Friday, 18 March 2016
Godspeed Sylvia Anderson
Sylvia Anderson was born Sylvia Thomas on March 27 1927 in South London. Her father was a boxing champion. Her mother was a dressmaker. She graduated from the London School of Economics with a degree in sociology and political science. She emigrated to the United States with her first husband, an American, where she worked for a time as a freelance journalist. In 1955 she returned to the United Kingdom. In 1957 she joined Polytechnic Films as an office assistant. It was there that she met Gerry Anderson, who was working as an editor and director there. After the demise of Polytechnic Films, Gerry Anderson and Arthur Provis founded AP Films. Sylvia Thomas was one of the company's board of directors from the beginning. Gerry Anderson and Sylvia Thomas later married.
Sylvia Anderson's first credit on a series would be for "Continuity" on Four Feather Falls in 1960. A Western puppet series, it was the first on which Gerry Anderson used an early version of what would later be termed Supermarionation, the technique he would use on all of his puppet series. As the Sixties progressed Mrs. Anderson prove pivotal to the various Supermarionation shows produced by her and her husband. She was credited as dialogue director on Supercar, and as script supervisor on Fireball XL5, Stingray, and Thunderbirds. She served as costume designer on Thunderbirds and was responsible for the look of the characters on the show. As mentioned earlier, she even served as a voice artist on various shows, playing Jimmy Gibson on Supercar, Doctor Venus on Fireball XL5, Lady Penelope on Thunderbirds, and Melody Angel on Captain Scarlet and the Mysterons.
More importantly, Sylvia Anderson co-created most of the Supermarionation shows. She was the co-creator of Fireball XL5, Stingray, Thunderbirds, Captain Scarlet and the Mysterons, Joe 90, and The Secret Service. She served as a writer on Supercar. She served as a producer on Stingray and the two Thunderbirds feature films, Thunderbirds Are Go and Thunderbird 6. Mrs. Anderson also worked on various live action projects in the Fifties and Sixties. She was credited with "Continuity" on Gerry Anderson's 1960 live action feature film Crossroads to Crime. She not only co-created the live action series UFO, but also served as a producer and costume designer. She also served as the producer on Gerry Anderson's 1969 feature film Doppelgänger (known as Journey to the Far Side of the Sun in the United States).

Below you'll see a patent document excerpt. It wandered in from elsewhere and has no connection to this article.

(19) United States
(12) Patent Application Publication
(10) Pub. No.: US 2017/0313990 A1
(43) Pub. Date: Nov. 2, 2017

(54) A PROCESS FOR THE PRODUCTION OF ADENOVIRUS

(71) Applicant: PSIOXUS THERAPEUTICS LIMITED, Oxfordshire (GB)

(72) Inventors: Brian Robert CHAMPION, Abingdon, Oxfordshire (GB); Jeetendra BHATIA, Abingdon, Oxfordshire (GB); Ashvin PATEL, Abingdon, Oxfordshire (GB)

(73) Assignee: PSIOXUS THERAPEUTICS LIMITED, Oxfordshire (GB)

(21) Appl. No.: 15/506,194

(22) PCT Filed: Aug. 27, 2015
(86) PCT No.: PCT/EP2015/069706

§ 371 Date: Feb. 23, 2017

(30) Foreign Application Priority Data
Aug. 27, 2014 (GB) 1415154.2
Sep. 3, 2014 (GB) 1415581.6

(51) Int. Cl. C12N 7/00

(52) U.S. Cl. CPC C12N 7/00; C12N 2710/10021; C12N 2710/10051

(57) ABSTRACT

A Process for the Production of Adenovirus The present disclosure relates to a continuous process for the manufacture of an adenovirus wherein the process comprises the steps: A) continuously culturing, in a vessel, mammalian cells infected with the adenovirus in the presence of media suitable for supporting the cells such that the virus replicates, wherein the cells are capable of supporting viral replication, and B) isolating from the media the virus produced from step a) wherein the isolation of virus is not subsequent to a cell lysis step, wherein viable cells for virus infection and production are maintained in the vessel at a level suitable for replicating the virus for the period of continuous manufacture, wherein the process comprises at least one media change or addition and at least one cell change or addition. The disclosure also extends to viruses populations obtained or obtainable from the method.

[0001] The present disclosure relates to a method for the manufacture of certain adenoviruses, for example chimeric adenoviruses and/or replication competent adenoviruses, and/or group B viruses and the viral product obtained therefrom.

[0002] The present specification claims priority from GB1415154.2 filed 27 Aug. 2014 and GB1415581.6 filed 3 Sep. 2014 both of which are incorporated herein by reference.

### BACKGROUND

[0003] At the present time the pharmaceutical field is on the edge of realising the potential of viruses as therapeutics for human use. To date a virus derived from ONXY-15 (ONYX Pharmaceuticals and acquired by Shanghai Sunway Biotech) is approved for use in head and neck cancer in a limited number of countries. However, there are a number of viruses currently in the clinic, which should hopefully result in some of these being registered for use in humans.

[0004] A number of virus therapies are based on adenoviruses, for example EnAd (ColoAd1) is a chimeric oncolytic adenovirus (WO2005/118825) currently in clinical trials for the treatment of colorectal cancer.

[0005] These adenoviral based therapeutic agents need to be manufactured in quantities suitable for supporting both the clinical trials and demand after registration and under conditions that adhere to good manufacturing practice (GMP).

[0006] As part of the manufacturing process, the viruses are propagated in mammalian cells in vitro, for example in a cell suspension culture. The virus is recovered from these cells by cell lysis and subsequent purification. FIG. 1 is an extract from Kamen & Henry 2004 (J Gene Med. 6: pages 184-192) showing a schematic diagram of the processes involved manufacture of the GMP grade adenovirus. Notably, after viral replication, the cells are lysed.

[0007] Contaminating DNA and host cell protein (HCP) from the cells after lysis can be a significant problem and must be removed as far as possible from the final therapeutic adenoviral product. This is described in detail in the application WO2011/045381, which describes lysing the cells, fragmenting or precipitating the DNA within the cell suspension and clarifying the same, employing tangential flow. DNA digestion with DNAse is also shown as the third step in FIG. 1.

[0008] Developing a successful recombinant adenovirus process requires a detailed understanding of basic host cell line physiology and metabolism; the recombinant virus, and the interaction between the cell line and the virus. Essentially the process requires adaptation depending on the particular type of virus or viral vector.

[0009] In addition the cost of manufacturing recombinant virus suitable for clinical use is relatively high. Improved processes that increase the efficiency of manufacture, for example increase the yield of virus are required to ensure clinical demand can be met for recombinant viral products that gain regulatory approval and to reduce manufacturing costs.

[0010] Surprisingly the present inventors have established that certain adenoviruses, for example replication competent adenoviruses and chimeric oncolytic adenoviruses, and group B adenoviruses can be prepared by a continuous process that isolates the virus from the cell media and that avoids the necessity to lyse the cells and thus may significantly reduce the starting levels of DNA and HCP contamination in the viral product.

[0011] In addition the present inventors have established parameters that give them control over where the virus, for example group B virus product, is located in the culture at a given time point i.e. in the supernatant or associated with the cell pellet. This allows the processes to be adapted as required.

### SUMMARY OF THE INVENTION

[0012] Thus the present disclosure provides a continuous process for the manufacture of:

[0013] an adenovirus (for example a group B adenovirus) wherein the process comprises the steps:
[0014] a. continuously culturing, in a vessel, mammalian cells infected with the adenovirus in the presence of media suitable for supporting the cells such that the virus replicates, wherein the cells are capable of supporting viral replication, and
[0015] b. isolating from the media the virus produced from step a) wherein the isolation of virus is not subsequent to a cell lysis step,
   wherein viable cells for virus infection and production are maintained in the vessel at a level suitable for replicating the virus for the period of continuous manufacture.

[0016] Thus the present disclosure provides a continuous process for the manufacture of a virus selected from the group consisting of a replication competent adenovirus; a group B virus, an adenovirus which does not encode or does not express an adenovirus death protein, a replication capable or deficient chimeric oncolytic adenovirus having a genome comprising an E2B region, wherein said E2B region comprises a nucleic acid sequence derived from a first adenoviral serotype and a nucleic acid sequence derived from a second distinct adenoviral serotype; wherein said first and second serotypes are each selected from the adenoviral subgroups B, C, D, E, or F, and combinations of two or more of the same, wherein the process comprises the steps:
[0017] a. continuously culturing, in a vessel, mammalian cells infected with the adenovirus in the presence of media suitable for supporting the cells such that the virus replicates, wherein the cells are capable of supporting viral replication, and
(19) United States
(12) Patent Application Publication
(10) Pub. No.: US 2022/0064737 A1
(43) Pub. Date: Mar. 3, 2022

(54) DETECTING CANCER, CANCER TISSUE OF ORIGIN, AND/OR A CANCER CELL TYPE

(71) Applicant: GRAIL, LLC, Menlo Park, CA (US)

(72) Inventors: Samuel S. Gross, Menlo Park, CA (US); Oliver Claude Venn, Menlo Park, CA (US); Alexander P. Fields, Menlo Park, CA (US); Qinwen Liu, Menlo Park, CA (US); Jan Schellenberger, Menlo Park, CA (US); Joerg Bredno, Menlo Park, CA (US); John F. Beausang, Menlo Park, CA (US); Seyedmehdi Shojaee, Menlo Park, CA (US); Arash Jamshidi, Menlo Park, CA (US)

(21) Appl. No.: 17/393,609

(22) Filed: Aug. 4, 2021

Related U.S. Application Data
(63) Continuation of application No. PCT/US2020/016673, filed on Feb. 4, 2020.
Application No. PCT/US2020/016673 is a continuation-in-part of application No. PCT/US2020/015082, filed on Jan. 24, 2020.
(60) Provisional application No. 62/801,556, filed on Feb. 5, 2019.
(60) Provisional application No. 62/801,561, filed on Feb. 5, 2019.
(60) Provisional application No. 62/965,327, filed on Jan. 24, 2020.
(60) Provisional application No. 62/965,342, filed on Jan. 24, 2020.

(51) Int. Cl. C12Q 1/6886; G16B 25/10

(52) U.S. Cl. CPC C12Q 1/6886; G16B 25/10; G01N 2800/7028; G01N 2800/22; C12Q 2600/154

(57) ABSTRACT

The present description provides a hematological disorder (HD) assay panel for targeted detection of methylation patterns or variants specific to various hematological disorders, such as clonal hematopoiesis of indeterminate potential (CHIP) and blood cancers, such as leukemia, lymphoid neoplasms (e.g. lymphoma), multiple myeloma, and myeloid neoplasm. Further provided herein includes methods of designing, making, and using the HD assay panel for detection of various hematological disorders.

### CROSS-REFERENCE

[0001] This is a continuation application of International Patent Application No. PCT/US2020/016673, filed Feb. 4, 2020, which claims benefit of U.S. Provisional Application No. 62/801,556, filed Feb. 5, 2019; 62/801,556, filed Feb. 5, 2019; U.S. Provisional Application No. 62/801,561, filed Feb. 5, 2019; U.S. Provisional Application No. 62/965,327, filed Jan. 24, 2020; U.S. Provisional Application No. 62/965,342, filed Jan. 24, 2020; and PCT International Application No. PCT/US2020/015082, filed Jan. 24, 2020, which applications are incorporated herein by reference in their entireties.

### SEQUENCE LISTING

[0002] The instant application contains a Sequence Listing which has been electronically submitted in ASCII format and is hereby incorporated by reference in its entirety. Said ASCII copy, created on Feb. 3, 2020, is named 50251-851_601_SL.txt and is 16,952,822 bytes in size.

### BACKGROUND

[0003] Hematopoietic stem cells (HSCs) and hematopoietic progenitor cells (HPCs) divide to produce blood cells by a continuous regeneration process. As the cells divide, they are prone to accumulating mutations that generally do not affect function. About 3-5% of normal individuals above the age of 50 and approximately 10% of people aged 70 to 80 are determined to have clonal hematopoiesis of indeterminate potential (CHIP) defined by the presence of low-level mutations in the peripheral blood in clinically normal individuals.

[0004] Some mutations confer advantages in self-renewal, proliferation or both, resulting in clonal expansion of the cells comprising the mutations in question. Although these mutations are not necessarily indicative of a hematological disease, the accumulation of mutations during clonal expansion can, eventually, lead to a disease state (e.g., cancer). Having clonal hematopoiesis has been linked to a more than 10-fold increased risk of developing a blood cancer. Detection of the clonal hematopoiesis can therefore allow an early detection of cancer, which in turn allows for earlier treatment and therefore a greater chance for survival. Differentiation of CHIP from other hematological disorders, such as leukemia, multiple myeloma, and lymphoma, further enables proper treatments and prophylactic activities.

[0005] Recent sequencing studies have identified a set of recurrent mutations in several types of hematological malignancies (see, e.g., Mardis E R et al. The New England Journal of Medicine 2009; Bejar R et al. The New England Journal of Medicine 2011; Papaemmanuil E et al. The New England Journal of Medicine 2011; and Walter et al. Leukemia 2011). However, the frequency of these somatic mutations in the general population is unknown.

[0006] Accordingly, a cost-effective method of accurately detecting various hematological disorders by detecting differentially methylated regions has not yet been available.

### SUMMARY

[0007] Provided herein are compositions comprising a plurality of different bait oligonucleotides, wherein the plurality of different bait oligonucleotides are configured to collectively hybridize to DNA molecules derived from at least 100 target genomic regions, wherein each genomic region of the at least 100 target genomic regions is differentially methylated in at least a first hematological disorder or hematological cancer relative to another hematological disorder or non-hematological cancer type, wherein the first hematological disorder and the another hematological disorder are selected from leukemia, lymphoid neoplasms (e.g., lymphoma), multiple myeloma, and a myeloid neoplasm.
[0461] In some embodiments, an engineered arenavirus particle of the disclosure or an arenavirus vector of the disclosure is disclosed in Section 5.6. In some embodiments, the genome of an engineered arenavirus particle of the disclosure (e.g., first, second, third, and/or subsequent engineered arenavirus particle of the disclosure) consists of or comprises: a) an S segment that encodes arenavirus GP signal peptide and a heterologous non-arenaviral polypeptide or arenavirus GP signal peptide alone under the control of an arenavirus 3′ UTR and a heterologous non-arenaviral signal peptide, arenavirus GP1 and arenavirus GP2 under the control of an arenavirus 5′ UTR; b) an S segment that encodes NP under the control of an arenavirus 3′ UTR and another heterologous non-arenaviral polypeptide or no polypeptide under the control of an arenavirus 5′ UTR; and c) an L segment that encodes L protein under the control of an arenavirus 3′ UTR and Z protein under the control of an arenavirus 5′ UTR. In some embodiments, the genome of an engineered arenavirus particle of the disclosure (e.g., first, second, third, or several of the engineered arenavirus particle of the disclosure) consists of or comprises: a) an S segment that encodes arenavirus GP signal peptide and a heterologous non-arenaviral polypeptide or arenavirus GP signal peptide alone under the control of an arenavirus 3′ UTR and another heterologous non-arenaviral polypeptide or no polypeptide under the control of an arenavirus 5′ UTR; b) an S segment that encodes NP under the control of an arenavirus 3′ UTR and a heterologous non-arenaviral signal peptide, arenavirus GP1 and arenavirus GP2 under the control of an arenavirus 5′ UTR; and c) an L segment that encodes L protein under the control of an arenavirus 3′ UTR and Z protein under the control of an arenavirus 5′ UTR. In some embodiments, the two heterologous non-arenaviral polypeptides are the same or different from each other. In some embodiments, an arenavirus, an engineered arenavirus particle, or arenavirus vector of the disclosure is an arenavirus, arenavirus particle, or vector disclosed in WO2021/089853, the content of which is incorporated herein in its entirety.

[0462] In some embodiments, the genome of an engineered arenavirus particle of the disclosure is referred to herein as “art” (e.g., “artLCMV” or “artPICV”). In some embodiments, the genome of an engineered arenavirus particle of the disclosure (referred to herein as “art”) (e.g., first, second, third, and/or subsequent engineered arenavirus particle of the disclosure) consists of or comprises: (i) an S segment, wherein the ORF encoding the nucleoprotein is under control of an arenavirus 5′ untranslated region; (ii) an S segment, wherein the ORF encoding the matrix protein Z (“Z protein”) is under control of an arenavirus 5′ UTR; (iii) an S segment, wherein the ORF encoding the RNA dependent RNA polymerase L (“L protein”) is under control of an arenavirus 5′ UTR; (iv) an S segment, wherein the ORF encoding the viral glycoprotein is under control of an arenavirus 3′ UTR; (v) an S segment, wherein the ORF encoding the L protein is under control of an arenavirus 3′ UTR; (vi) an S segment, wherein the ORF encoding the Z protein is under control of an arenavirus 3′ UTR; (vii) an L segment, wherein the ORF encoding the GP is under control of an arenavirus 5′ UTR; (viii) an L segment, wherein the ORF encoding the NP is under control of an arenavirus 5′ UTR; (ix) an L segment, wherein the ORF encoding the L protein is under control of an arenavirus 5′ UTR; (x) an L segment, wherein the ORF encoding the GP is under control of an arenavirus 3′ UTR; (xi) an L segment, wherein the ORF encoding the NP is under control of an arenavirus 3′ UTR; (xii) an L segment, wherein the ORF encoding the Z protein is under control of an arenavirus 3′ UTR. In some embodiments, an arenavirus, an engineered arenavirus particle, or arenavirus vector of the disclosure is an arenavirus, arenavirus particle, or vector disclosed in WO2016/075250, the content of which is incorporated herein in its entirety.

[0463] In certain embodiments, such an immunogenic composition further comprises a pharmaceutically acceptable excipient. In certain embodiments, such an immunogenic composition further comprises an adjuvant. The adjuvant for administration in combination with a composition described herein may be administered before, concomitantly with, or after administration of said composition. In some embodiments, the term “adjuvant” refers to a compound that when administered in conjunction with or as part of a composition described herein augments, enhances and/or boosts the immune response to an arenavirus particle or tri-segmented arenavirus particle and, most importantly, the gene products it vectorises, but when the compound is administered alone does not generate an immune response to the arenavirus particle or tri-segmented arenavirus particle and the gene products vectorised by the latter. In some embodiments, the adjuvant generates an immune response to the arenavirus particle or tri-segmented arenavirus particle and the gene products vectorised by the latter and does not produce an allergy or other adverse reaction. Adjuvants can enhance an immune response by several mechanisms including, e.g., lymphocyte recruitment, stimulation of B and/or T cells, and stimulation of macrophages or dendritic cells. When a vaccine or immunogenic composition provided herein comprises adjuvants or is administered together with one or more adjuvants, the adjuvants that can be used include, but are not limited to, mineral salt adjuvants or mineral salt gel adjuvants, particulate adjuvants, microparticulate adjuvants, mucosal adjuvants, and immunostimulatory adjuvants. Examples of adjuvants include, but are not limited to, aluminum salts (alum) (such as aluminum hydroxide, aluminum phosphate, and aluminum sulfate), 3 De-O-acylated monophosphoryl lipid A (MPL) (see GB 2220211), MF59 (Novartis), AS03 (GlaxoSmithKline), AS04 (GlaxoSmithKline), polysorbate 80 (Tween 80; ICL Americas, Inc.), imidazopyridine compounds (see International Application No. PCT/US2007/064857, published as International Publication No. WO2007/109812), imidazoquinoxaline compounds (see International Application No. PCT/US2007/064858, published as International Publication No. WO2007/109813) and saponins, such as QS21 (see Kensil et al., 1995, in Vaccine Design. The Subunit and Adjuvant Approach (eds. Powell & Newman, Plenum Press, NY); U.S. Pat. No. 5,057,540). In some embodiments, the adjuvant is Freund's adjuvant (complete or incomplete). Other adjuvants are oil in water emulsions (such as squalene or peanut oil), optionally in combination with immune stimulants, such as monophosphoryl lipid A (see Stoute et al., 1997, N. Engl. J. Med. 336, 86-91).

In the Seventies Sylvia Anderson co-created the cult TV show Space: 1999 and served as producer on its first series. Sadly, it was with the first series of Space: 1999 that the Andersons' marriage failed. The two separated with the end of the first series, and she left their production company. They divorced in 1981.
Afterwards Sylvia Anderson was Head of Production at a video company that produced everything from music programmes to children's specials. She then went to work for HBO as a Original Programming representative in the United Kingdom. She stayed with HBO for thirty years. She also wrote a novel, Love and Hisses, published in 1983,and her biography, Yes M'Lady, published in 1991. It was revised and re-published as My FAB Years in 2007. In 1994 she reprised her role as Lady Penelope on an episode of Absolutely Fabulous.
While Gerry Anderson's name remains closely associated with the Supermarionation shows of the Sixties, the fact is that they might not have been possible without Sylvia Anderson. It's not just that she made invaluable contributions to the shows, but that she was absolutely vital to them. She truly was a co-creator of many of the shows. And while Gerry Anderson handled the hardware and special effects side of the shows, it was Sylvia Anderson who handled the costumes, plotlines, characters, dialogue, and voices. In fact, it was Sylvia Anderson who convinced Lord Lew Grade to allow them to expand their shows to a full hour, as she felt a half hour was insufficient for character and plot development.
What makes Sylvia Anderson all the more remarkable is that she was not simply talented as a producer and writer. She was also talented as a costume designer and voice artist. The costumes for Thunderbirds remain among the best remembered of this day. As to Mrs. Anderson's work as a voice artist, there is a good reason Lady Penelope remains the most famous character to emerge from the Supermarionation shows. The simple fact is that Sylvia Anderson had a real talent for bring characters to life vocally. What is more, she could voice a variety of characters, from the posh Lady Penelope to an inquisitive little boy like Jimmy Gibson. Sylvia Anderson was an immensely talented woman who really deserves more credit than she has often gotten.